“There is a certain freedom, sense of play, fantasy, and physical repetition that is associated with paper making that allows her to create a medium that supports their personal narratives”, states curator Rosie Gordon–Wallace “This art jumps off the page and walls and exists in real time. This artist actively inserts herself into the foreground, instead of the background, and challenges traditional representations of figure, background, and object.”

Gordon Myers co-curator and Entertainment Director of Diaspora Vibe Gallery states, “This is the first time that Diaspora Vibe has devoted a complete exhibition to the art of paper making. It speaks to a need to address how many artists are actively utilizing these genres to redefine personal definitions of Diaspora, through examinations of their own bodies, geographies and borders. Native Intelligence frames the conversation around the new social and cultural spaces that many artists of color and immigrant artists are creating while revisiting cultural traditions and transforming the media into contemporary forms”

Melanie Choisy to Represent St. Maarten at the UNESCO Caribbean Youth Forum on Safeguarding Intangible Cultural Heritage
PHILIPSBURG, St. Maarten - The UNESCO Caribbean Youth Forum on Safeguarding Intangible Cultural Heritage will be held November 20-24 in Grenada.
The objectives of the forum are to:
build knowledge of youth on the Convention’s concepts and mechanisms and their role in safeguarding intangible cultural heritage;
foster dialogue among youth on strategies to strengthen the safeguarding of intangible cultural heritage;
orient youth toward activities and collaboration geared at safeguarding their intangible cultural heritage, and building mutual respect for the heritage of others.
The five-day forum which will be structured around a number of sessions will be attended by approximately 25 participants from youth groups/organizations from about 16 different Caribbean Small Island and Developing States (SIDS) and Least Developed Countries (LDCs).
At the conclusion of the session, participants will draft a brief report on their experience during the Forum, which will be submitted to the 7th session of the Intergovernmental Committee for the Safeguarding of the Intangible Cultural Heritage.
Melanie Choisy who is a 22-year-old recent graduate of the University of Miami where she received double Bachelor of Arts degrees in Latin American & Caribbean Studies and International Development with a minor in Spanish, was selected from among the applicants who applied to represent St. Maarten at this youth forum.
Majoring in these subjects has allowed Melanie to be very knowledgeable of numerous cultures, languages, and institutions, especially those particular to the Latin American and Caribbean region.
During her last two years in Miami, she interned for Diaspora Vibe Cultural Arts Incubator, a local Miami 501(c)(3) organization that offers support and exhibition opportunities for Emerging Artists of the Latin American and Caribbean Diaspora.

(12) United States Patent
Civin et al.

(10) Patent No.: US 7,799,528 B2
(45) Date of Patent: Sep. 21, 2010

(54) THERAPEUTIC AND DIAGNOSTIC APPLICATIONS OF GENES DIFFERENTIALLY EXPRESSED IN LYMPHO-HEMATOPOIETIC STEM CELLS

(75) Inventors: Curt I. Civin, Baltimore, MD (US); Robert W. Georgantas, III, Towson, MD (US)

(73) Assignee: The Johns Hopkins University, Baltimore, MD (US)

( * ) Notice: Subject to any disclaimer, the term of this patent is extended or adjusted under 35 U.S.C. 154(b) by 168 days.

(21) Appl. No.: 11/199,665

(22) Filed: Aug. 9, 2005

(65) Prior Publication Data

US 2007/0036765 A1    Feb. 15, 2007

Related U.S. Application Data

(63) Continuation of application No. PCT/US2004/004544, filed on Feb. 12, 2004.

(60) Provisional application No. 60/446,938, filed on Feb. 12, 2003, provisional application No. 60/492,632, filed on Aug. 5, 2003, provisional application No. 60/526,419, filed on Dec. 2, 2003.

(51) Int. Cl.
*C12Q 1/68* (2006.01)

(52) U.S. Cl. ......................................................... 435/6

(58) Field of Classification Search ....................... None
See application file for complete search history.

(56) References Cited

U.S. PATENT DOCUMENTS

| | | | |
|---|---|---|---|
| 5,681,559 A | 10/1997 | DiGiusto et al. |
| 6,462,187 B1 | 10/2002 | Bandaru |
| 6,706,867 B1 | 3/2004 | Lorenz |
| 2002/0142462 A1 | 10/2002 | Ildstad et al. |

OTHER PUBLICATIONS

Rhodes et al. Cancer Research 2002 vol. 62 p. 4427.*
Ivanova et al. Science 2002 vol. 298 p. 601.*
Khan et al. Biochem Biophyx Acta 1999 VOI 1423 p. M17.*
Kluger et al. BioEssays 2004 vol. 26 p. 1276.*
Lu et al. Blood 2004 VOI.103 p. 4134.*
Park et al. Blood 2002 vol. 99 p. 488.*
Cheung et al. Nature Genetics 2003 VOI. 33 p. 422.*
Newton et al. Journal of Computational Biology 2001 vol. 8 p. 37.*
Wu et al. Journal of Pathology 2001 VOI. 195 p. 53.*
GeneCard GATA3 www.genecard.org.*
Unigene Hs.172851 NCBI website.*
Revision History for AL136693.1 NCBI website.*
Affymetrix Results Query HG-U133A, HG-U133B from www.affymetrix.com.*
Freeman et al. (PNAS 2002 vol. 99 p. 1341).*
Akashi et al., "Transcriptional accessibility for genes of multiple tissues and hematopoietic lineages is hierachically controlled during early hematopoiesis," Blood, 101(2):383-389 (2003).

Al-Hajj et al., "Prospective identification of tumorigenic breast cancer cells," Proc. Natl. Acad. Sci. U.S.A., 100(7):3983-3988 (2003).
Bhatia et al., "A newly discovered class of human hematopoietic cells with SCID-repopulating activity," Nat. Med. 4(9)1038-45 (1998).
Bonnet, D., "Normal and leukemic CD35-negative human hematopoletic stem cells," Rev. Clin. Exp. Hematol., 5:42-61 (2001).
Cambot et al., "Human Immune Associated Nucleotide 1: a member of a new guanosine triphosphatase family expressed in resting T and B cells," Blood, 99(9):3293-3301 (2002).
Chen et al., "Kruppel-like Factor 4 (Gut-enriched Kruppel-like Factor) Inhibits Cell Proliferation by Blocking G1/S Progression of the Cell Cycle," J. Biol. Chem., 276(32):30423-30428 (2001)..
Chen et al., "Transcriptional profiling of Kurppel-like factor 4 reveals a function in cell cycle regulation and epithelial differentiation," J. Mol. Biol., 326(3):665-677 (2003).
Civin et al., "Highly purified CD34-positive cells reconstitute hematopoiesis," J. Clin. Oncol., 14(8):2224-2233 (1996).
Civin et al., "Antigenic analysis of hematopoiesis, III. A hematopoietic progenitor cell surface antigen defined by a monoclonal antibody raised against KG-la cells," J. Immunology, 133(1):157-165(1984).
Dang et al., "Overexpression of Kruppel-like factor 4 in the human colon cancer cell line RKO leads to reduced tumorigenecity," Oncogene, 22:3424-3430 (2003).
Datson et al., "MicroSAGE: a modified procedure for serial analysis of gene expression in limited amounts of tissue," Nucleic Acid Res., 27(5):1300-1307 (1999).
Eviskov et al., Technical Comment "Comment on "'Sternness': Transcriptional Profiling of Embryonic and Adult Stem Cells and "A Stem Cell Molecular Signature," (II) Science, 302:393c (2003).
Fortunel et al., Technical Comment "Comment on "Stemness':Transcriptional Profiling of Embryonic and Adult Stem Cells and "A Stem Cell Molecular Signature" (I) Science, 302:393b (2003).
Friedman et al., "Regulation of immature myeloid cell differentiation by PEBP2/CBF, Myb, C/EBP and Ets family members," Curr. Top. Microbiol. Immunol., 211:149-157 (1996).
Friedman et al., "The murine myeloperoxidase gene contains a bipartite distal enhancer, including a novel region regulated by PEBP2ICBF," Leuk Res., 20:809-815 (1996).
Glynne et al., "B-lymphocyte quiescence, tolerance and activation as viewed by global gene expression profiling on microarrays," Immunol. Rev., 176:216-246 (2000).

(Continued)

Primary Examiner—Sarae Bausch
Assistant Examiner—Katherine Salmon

In late March of this year, Melanie traveled to Kingston, Jamaica with Diaspora Vibe and fourteen American and UK-based artists to host its 15th International Cultural Exchange at the Edna Manley College of the Visual and Performing Arts.
Melanie Choisy to Represent St. Maarten at the UNESCO Caribbean Youth Forum on Safeguarding Intangible Cultural Heritage

PHILIPSBURG, St. Maarten - The UNESCO Caribbean Youth Forum on Safeguarding Intangible Cultural Heritage will be held November 20-24 in Grenada.

The objectives of the forum are to:

build knowledge of youth on the Convention’s concepts and mechanisms and their role in safeguarding intangible cultural heritage;

foster dialogue among youth on strategies to strengthen the safeguarding of intangible cultural heritage;

orient youth toward activities and collaboration geared at safeguarding their intangible cultural heritage, and building mutual respect for the heritage of others.

The five-day forum which will be structured around a number of sessions will be attended by approximately 25 participants from youth groups/organizations from about 16 different Caribbean Small Island and Developing States (SIDS) and Least Developed Countries (LDCs).

At the conclusion of the session, participants will draft a brief report on their experience during the Forum, which will be submitted to the 7th session of the Intergovernmental Committee for the Safeguarding of the Intangible Cultural Heritage.

Melanie Choisy who is a 22-year-old recent graduate of the University of Miami where she received double Bachelor of Arts degrees in Latin American & Caribbean Studies and International Development with a minor in Spanish, was selected from among the applicants who applied to represent St. Maarten at this youth forum.

Majoring in these subjects has allowed Melanie to be very knowledgeable of numerous cultures, languages, and institutions, especially those particular to the Latin American and Caribbean region.

During her last two years in Miami, she interned for Diaspora Vibe Cultural Arts Incubator, a local Miami 501(c)(3) organization that offers support and exhibition opportunities for Emerging Artists of the Latin American and Caribbean Diaspora.

In late March of this year, Melanie traveled to Kingston, Jamaica with Diaspora Vibe and fourteen American and UK-based artists to host its 15th International Cultural Exchange at the Edna Manley College of the Visual and Performing Arts.

Happy Holiday’s from all of us here at Diaspora Vibe Virtual Gallery! 

Happy Holiday’s from all of us here at Diaspora Vibe Virtual Gallery!